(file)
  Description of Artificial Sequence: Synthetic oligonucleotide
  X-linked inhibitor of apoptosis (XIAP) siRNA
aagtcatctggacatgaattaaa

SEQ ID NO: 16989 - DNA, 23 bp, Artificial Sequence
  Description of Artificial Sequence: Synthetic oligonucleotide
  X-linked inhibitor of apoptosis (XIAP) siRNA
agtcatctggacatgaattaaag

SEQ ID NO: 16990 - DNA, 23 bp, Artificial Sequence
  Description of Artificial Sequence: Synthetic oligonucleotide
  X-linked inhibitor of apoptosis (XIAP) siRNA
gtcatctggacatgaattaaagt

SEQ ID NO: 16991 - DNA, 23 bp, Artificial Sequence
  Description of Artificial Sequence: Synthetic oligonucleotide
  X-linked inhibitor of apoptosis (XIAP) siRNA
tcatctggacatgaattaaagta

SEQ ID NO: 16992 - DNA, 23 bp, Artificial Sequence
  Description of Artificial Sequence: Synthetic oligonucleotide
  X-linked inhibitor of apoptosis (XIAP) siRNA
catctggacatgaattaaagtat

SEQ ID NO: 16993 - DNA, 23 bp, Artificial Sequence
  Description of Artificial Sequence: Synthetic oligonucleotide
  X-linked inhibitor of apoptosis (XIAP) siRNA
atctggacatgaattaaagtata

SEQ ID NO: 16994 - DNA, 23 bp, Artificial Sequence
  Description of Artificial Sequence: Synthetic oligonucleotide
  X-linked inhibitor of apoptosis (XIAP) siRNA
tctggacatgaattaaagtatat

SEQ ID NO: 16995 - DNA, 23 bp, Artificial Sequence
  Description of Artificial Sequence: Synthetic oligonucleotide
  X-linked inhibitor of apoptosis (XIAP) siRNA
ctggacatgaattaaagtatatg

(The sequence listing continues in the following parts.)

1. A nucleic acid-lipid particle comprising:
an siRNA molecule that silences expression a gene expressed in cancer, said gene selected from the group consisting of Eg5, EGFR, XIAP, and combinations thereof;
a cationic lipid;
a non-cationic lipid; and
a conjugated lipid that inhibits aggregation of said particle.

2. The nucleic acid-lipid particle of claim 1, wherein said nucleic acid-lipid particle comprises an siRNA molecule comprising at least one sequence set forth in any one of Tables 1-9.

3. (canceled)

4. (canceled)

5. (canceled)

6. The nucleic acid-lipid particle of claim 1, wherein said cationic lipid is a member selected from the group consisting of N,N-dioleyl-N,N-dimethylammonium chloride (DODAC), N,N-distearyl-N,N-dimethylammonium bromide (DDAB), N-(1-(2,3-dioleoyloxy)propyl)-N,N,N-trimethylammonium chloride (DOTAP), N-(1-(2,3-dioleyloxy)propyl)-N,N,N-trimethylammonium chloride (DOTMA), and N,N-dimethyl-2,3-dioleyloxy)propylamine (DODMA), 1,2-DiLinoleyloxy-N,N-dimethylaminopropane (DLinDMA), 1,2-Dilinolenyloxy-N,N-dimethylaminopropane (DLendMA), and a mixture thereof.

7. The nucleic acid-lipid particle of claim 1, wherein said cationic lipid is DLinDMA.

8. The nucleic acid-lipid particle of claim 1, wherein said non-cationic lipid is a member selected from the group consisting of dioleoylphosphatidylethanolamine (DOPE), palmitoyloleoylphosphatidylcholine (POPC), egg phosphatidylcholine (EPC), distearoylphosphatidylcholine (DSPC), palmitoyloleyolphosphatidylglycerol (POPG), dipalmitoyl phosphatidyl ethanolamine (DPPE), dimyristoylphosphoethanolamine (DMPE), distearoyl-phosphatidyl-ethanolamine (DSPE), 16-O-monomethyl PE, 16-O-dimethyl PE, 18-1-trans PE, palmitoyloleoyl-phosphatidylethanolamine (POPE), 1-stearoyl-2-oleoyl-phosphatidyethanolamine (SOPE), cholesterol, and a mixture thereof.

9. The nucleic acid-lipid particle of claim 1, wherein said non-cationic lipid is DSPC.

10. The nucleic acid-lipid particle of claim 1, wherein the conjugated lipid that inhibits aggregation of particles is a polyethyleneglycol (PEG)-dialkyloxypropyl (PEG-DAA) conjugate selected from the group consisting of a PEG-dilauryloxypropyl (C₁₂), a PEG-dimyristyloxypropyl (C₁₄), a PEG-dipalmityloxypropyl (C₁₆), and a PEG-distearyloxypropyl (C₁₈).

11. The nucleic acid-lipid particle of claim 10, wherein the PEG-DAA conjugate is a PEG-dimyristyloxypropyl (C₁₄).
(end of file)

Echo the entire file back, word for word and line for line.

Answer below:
  Description of Artificial Sequence: Synthetic oligonucleotide
  X-linked inhibitor of apoptosis (XIAP) siRNA
aagtcatctggacatgaattaaa

SEQ ID NO: 16989 - DNA, 23 bp, Artificial Sequence
  Description of Artificial Sequence: Synthetic oligonucleotide
  X-linked inhibitor of apoptosis (XIAP) siRNA
agtcatctggacatgaattaaag

SEQ ID NO: 16990 - DNA, 23 bp, Artificial Sequence
  Description of Artificial Sequence: Synthetic oligonucleotide
  X-linked inhibitor of apoptosis (XIAP) siRNA
gtcatctggacatgaattaaagt

SEQ ID NO: 16991 - DNA, 23 bp, Artificial Sequence
  Description of Artificial Sequence: Synthetic oligonucleotide
  X-linked inhibitor of apoptosis (XIAP) siRNA
tcatctggacatgaattaaagta

SEQ ID NO: 16992 - DNA, 23 bp, Artificial Sequence
  Description of Artificial Sequence: Synthetic oligonucleotide
  X-linked inhibitor of apoptosis (XIAP) siRNA
catctggacatgaattaaagtat

SEQ ID NO: 16993 - DNA, 23 bp, Artificial Sequence
  Description of Artificial Sequence: Synthetic oligonucleotide
  X-linked inhibitor of apoptosis (XIAP) siRNA
atctggacatgaattaaagtata

SEQ ID NO: 16994 - DNA, 23 bp, Artificial Sequence
  Description of Artificial Sequence: Synthetic oligonucleotide
  X-linked inhibitor of apoptosis (XIAP) siRNA
tctggacatgaattaaagtatat

SEQ ID NO: 16995 - DNA, 23 bp, Artificial Sequence
  Description of Artificial Sequence: Synthetic oligonucleotide
  X-linked inhibitor of apoptosis (XIAP) siRNA
ctggacatgaattaaagtatatg

(The sequence listing continues in the following parts.)

1. A nucleic acid-lipid particle comprising:
an siRNA molecule that silences expression a gene expressed in cancer, said gene selected from the group consisting of Eg5, EGFR, XIAP, and combinations thereof;
a cationic lipid;
a non-cationic lipid; and
a conjugated lipid that inhibits aggregation of said particle.

2. The nucleic acid-lipid particle of claim 1, wherein said nucleic acid-lipid particle comprises an siRNA molecule comprising at least one sequence set forth in any one of Tables 1-9.

3. (canceled)

4. (canceled)

5. (canceled)

6. The nucleic acid-lipid particle of claim 1, wherein said cationic lipid is a member selected from the group consisting of N,N-dioleyl-N,N-dimethylammonium chloride (DODAC), N,N-distearyl-N,N-dimethylammonium bromide (DDAB), N-(1-(2,3-dioleoyloxy)propyl)-N,N,N-trimethylammonium chloride (DOTAP), N-(1-(2,3-dioleyloxy)propyl)-N,N,N-trimethylammonium chloride (DOTMA), and N,N-dimethyl-2,3-dioleyloxy)propylamine (DODMA), 1,2-DiLinoleyloxy-N,N-dimethylaminopropane (DLinDMA), 1,2-Dilinolenyloxy-N,N-dimethylaminopropane (DLendMA), and a mixture thereof.

7. The nucleic acid-lipid particle of claim 1, wherein said cationic lipid is DLinDMA.

8. The nucleic acid-lipid particle of claim 1, wherein said non-cationic lipid is a member selected from the group consisting of dioleoylphosphatidylethanolamine (DOPE), palmitoyloleoylphosphatidylcholine (POPC), egg phosphatidylcholine (EPC), distearoylphosphatidylcholine (DSPC), palmitoyloleyolphosphatidylglycerol (POPG), dipalmitoyl phosphatidyl ethanolamine (DPPE), dimyristoylphosphoethanolamine (DMPE), distearoyl-phosphatidyl-ethanolamine (DSPE), 16-O-monomethyl PE, 16-O-dimethyl PE, 18-1-trans PE, palmitoyloleoyl-phosphatidylethanolamine (POPE), 1-stearoyl-2-oleoyl-phosphatidyethanolamine (SOPE), cholesterol, and a mixture thereof.

9. The nucleic acid-lipid particle of claim 1, wherein said non-cationic lipid is DSPC.

10. The nucleic acid-lipid particle of claim 1, wherein the conjugated lipid that inhibits aggregation of particles is a polyethyleneglycol (PEG)-dialkyloxypropyl (PEG-DAA) conjugate selected from the group consisting of a PEG-dilauryloxypropyl (C₁₂), a PEG-dimyristyloxypropyl (C₁₄), a PEG-dipalmityloxypropyl (C₁₆), and a PEG-distearyloxypropyl (C₁₈).

11. The nucleic acid-lipid particle of claim 10, wherein the PEG-DAA conjugate is a PEG-dimyristyloxypropyl (C₁₄).